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By Dean L. Winslow, MD, FACP, FIDSA
Professor of Medicine, Division of General Medical Disciplines, Division of Infectious Diseases and Geographic Medicine, Stanford University
Dr. Winslow reports no financial relationships relevant to this field of study.
SYNOPSIS: In an analysis of insurance claims for 1.8 million U.S. children with 2,950 recorded seizures, researchers found that the risk of hospitalization for seizures was 24% lower in rotavirus-vaccinated children.
SOURCE: Burke RM, Tate JE, Dahl RM, et al. Rotavirus vaccination is associated with reduced seizure hospitalization risk among commercially insured US children. Clin Infect Dis 2018;67:1614-1616.
Researchers used data for 2006-2014 abstracted from the Truven Health commercial claims and encounters database. Among the 1,773,295 children who were eligible for analysis, there were 2,950 seizures recorded (654 seizures occurred before 6 months of age and were not included in the primary analysis). Seventy-one percent of children in the cohort were fully vaccinated, 15% were partially vaccinated, and 14% were unvaccinated against rotavirus. An extended Cox regression analysis provided a crude hazard ratio for seizure hospitalization of 0.66 when fully vaccinated and unvaccinated children were compared, and 0.88 for partially vaccinated compared to unvaccinated children.
Febrile seizures are a common reason for pediatric emergency department treatment and hospitalization, and of course are frightening events for the parents of an affected child. The robust data presented in this paper confirm the earlier estimate of an 18-21% risk reduction in one-year seizure risk among children vaccinated against rotavirus compared to children who were not vaccinated.1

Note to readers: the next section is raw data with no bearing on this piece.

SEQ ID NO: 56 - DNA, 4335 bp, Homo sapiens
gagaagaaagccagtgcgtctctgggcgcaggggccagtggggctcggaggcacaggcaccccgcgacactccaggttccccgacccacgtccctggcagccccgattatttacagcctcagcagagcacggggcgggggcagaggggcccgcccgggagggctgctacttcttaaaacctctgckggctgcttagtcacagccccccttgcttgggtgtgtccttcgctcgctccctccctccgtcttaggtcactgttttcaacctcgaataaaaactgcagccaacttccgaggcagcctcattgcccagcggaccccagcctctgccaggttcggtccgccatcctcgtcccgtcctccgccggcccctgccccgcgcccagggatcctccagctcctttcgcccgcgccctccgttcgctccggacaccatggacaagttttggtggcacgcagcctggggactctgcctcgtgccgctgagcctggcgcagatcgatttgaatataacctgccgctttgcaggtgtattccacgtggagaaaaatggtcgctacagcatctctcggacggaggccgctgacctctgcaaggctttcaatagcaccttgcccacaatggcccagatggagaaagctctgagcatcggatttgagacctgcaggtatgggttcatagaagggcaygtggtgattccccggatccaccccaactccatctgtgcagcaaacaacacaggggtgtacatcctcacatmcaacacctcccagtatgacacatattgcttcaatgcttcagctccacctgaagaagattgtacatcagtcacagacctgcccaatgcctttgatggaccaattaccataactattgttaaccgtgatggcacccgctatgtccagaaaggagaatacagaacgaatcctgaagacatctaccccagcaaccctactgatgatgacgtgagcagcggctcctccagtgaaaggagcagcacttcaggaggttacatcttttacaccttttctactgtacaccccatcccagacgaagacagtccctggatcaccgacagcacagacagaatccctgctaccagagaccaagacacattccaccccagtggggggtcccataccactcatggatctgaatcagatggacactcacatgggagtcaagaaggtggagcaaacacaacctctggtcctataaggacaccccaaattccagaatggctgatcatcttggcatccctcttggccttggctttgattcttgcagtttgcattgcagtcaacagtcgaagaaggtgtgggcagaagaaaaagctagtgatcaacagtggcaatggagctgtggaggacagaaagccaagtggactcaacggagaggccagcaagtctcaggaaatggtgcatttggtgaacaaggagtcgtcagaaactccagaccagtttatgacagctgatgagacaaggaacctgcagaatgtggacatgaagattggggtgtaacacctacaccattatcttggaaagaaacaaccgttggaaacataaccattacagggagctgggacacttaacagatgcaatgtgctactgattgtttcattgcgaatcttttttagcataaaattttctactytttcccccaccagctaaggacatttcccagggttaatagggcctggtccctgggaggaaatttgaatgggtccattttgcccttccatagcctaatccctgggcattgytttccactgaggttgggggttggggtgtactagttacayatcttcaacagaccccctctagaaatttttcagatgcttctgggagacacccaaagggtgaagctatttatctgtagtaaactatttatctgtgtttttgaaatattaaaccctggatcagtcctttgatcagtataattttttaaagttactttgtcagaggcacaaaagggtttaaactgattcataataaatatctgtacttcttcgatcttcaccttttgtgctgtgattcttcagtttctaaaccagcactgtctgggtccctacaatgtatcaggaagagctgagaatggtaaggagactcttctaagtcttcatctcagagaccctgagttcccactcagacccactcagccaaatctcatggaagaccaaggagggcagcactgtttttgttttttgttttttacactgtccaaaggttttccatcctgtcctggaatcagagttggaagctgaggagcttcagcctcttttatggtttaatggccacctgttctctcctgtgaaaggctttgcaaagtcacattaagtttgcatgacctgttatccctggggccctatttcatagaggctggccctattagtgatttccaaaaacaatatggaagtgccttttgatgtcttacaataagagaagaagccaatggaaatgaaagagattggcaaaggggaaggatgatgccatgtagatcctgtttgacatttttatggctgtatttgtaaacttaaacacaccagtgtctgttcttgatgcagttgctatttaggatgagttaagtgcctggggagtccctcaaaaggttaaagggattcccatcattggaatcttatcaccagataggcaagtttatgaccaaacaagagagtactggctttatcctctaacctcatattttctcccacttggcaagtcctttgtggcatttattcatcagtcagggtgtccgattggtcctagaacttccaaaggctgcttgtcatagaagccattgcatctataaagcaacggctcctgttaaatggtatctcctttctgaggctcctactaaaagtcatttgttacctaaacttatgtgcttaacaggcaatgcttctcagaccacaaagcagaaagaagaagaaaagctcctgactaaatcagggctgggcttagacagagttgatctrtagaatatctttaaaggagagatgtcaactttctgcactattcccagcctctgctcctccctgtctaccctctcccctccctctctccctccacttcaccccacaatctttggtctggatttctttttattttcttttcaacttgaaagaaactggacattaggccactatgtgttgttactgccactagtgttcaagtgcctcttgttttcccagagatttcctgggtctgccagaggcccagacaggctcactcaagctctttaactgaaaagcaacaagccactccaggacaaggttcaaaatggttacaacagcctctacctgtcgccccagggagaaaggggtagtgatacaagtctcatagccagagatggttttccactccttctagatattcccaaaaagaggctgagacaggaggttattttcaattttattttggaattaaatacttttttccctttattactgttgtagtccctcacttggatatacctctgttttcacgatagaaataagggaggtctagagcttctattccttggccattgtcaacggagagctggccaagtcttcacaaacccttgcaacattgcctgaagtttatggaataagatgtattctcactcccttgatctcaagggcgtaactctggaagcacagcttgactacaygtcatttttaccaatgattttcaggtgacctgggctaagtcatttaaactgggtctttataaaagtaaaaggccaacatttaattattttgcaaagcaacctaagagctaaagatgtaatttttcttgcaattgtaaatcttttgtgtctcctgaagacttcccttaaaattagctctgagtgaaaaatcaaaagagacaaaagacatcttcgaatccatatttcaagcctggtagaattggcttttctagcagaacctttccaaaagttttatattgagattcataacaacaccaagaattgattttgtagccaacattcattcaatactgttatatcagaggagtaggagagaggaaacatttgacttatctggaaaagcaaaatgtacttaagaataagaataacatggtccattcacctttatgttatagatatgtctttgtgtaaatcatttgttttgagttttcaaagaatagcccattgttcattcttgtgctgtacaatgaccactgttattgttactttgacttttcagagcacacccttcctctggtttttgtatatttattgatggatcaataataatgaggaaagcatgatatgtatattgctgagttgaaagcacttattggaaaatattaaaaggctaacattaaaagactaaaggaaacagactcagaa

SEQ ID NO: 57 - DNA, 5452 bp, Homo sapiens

It behooves all of us as adult and pediatric infectious disease specialists (and often as respected leaders in our communities) to advocate strongly for immunization against infectious diseases, especially in the current “anti-science” environment. Coincidentally, New York state now is in the midst of one of the largest measles outbreaks in U.S. history. This is almost entirely related to “anti-vax” sentiment and schools’ lax enforcement of immunization requirements.2 In my opinion, this is inexcusable in the 21st century.
Financial Disclosure: Peer Reviewer Patrick Joseph, MD, is a consultant for Genomic Health Reference Laboratory, Siemens Clinical Laboratory, and CareDx Clinical Laboratory. Infectious Disease Alert’s Editor Stan Deresinski, MD, FACP, FIDSA, Updates Author Carol A. Kemper, MD, FACP, Peer Reviewer Kiran Gajurel, MD, Executive Editor Shelly Morrow Mark, Editor Jonathan Springston, and Editorial Group Manager Terrey L. Hatcher report no financial relationships to this field of study.